As we know, a printed circuit board (PCB) is constructed by layering copper foils, and the connection between different layers relies on vias. These vias, or conductive holes, are created using drilling methods to connect various circuit layers, similar to interconnected tunnels in a multilayered underground system. Understanding the purpose and principles of vias, which facilitate electrical conductivity, is crucial. Initially, holes created by drilling or laser processes do not conduct electricity. Therefore, a layer of conductive material, typically copper, must be electroplated on the hole’s surface to enable electronic movement between different copper foil layers. The original hole surface, made of resin, is non-conductive. Now that the purpose and principles of vias are clear, let’s explore different types of vias to facilitate more effective discussions with engineers.
Commonly, there are three types of vias, as follows:
Through-Hole: Plating Through Hole (PTH)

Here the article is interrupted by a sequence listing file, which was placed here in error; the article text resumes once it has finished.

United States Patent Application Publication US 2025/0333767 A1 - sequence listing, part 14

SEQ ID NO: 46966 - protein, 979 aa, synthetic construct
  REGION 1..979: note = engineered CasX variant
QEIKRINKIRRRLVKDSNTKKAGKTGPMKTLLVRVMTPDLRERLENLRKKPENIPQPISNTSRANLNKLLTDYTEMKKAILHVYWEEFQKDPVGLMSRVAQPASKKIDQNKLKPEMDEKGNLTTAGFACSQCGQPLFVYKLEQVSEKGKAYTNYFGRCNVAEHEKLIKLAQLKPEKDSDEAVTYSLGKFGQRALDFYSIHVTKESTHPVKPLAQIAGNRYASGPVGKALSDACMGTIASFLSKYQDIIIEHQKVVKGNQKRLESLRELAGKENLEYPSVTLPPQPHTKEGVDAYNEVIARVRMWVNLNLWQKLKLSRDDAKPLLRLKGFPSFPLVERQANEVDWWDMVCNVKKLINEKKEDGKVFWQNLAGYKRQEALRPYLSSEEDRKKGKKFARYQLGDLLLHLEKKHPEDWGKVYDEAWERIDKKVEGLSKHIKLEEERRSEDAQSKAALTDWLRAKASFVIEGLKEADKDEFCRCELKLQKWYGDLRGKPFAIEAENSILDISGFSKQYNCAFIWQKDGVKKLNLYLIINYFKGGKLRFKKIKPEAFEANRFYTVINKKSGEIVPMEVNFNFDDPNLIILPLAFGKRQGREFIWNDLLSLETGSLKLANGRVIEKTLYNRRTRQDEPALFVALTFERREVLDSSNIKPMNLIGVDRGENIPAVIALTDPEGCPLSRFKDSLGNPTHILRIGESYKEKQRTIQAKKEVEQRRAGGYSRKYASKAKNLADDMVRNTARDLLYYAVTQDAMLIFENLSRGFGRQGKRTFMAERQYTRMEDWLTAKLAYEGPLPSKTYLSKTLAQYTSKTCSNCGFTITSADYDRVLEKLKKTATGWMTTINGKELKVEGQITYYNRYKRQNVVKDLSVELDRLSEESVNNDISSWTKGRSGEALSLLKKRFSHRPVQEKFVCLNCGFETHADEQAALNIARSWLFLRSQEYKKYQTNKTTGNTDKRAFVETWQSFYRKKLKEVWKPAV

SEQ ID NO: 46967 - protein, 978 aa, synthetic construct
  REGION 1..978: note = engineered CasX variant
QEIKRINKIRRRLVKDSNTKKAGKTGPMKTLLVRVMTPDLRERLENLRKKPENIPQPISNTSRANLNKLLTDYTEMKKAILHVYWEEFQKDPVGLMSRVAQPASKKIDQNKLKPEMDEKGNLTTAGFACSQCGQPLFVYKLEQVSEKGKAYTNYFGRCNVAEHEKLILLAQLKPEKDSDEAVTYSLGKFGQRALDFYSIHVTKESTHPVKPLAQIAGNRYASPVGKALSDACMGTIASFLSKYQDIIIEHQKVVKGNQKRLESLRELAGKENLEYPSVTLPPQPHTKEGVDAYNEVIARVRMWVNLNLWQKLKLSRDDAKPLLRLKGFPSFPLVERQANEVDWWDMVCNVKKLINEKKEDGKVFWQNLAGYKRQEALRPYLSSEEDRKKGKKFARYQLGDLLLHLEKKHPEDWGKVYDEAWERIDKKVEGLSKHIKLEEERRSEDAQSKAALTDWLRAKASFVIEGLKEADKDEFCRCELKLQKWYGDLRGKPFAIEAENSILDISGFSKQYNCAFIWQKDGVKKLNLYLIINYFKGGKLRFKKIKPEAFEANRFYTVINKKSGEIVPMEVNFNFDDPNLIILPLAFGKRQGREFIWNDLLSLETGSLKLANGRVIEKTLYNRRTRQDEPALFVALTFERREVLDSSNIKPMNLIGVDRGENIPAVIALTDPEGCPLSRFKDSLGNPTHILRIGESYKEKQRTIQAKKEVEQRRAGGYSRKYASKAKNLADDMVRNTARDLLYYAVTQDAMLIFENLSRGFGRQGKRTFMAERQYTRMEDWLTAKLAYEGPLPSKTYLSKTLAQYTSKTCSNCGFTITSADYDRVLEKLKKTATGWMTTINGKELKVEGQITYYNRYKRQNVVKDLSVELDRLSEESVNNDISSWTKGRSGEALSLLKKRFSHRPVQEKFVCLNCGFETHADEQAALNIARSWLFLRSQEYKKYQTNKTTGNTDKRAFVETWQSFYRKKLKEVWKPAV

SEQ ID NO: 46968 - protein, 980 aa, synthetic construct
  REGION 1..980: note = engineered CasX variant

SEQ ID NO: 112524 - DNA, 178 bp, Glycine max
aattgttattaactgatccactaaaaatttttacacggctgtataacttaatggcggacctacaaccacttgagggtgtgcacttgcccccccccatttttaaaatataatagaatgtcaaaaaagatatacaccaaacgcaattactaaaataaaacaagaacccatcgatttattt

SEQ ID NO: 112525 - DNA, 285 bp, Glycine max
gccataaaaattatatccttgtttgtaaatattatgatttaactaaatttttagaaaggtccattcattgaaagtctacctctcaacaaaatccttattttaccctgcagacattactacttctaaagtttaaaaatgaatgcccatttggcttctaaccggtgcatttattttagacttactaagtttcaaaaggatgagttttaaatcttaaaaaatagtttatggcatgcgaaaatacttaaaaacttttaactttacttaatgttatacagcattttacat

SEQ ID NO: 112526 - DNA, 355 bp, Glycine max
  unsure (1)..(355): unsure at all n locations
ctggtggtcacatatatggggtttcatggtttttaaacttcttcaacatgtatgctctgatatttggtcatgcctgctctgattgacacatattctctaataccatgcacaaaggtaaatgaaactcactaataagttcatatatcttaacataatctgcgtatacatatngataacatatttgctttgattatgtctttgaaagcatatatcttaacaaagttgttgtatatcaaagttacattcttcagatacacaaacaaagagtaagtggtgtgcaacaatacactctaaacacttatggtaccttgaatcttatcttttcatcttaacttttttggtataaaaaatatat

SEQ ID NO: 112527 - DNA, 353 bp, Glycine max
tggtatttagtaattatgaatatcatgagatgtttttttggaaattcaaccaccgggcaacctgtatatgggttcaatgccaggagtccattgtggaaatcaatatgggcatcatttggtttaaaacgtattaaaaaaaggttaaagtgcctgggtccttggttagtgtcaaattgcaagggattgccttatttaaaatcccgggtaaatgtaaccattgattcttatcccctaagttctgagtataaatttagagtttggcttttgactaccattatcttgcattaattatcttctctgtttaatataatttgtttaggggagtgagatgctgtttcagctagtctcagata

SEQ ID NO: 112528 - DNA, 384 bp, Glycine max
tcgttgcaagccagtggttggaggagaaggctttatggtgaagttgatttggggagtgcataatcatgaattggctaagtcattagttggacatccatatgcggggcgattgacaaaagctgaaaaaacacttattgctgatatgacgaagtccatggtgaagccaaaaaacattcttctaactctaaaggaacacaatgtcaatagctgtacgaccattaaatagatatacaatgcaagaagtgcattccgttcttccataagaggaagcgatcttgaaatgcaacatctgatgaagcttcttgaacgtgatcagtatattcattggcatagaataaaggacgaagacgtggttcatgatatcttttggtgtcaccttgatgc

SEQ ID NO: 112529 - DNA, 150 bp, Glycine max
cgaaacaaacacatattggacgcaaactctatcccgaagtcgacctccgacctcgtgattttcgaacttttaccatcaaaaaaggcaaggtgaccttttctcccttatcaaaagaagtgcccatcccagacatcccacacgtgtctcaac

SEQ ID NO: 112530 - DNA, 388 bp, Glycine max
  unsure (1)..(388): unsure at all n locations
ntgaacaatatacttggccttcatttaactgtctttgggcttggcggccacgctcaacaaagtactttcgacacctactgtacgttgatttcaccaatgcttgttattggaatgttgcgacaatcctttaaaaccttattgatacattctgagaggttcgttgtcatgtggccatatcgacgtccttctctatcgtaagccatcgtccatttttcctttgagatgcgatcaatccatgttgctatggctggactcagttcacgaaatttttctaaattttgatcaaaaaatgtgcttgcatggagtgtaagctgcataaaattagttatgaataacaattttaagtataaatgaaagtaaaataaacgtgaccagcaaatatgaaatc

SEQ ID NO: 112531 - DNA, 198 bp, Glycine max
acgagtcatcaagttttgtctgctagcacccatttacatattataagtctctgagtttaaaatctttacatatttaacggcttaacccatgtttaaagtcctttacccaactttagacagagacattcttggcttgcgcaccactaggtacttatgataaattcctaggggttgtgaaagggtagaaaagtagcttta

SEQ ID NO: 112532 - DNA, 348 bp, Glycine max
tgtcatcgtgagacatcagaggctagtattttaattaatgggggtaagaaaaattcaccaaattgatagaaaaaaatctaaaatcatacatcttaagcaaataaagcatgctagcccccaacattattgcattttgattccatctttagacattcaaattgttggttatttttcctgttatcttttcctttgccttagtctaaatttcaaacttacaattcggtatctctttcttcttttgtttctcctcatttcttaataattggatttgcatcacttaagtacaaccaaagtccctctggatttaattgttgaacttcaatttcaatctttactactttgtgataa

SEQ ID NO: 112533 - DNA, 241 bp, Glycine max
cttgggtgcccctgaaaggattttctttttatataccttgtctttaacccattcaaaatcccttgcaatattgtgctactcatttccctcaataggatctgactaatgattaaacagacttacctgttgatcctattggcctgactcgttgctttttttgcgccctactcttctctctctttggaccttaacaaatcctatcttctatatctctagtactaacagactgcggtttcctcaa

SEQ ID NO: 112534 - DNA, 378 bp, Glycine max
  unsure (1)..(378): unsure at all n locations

This is the most common type of via. By holding the PCB against light, one can easily identify the bright holes, known as through-holes. Through-holes are the simplest and most cost-effective to produce, as the entire PCB can be drilled with a regular drill bit or laser. However, in some cases, certain circuit layers may not require connections via through-holes, leading to potential space wastage.
Blind Hole: Blind Via Hole (BVH)
Blind holes connect the outermost layer of a PCB with adjacent inner layers through electroplated holes. However, they do not penetrate through the entire board, hence the term “blind hole.” This manufacturing process requires careful attention to the depth (Z-axis) of drilling. Blind holes can be pre-drilled in individual layers before bonding, or layers with specific connections can be drilled simultaneously. Blind holes are visible on one side of the board but not on the other.
Buried Hole: Buried Via Hole (BVH)
Buried holes connect any internal circuit layer of a PCB without extending to the outer layer. This process cannot be achieved through the drill-and-bond method; individual layers must be drilled, partially bonded, undergo electroplating, and then fully bonded. It is a more labor-intensive process and, consequently, the most expensive. This method is typically used in High-Density Interconnect (HDI) PCBs to maximize usable space in other circuit layers. Buried holes are not visible from the external surface of the board.Understanding these different types of vias helps in choosing the appropriate via type based on the specific requirements of the PCB design.
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